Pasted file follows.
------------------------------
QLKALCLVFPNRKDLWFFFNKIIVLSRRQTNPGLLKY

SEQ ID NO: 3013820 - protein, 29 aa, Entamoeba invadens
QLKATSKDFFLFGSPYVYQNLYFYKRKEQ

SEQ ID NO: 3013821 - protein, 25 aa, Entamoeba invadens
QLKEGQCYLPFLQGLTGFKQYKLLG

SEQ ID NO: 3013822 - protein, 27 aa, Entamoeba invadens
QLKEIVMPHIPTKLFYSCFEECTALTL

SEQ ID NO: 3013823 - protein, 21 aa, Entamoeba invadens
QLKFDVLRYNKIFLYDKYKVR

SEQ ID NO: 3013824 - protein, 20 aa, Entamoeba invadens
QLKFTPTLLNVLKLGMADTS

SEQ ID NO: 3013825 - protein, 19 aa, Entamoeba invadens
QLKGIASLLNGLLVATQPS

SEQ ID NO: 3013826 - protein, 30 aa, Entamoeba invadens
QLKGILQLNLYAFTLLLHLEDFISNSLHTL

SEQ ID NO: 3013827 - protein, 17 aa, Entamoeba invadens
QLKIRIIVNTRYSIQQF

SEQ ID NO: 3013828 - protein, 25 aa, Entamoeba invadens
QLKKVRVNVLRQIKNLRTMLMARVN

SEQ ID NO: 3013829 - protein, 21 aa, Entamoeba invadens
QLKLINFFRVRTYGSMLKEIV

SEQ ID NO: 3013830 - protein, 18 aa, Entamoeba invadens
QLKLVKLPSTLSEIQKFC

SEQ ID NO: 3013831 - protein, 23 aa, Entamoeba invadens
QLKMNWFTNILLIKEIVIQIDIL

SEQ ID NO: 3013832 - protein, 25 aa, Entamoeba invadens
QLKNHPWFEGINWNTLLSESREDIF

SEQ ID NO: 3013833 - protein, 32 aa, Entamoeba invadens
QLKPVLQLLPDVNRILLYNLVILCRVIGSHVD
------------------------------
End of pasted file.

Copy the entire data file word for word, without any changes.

QLKALCLVFPNRKDLWFFFNKIIVLSRRQTNPGLLKY

SEQ ID NO: 3013820 - protein, 29 aa, Entamoeba invadens
QLKATSKDFFLFGSPYVYQNLYFYKRKEQ

SEQ ID NO: 3013821 - protein, 25 aa, Entamoeba invadens
QLKEGQCYLPFLQGLTGFKQYKLLG

SEQ ID NO: 3013822 - protein, 27 aa, Entamoeba invadens
QLKEIVMPHIPTKLFYSCFEECTALTL

SEQ ID NO: 3013823 - protein, 21 aa, Entamoeba invadens
QLKFDVLRYNKIFLYDKYKVR

SEQ ID NO: 3013824 - protein, 20 aa, Entamoeba invadens
QLKFTPTLLNVLKLGMADTS

SEQ ID NO: 3013825 - protein, 19 aa, Entamoeba invadens
QLKGIASLLNGLLVATQPS

SEQ ID NO: 3013826 - protein, 30 aa, Entamoeba invadens
QLKGILQLNLYAFTLLLHLEDFISNSLHTL

SEQ ID NO: 3013827 - protein, 17 aa, Entamoeba invadens
QLKIRIIVNTRYSIQQF

SEQ ID NO: 3013828 - protein, 25 aa, Entamoeba invadens
QLKKVRVNVLRQIKNLRTMLMARVN

SEQ ID NO: 3013829 - protein, 21 aa, Entamoeba invadens
QLKLINFFRVRTYGSMLKEIV

SEQ ID NO: 3013830 - protein, 18 aa, Entamoeba invadens
QLKLVKLPSTLSEIQKFC

SEQ ID NO: 3013831 - protein, 23 aa, Entamoeba invadens
QLKMNWFTNILLIKEIVIQIDIL

SEQ ID NO: 3013832 - protein, 25 aa, Entamoeba invadens
QLKNHPWFEGINWNTLLSESREDIF

SEQ ID NO: 3013833 - protein, 32 aa, Entamoeba invadens
QLKPVLQLLPDVNRILLYNLVILCRVIGSHVD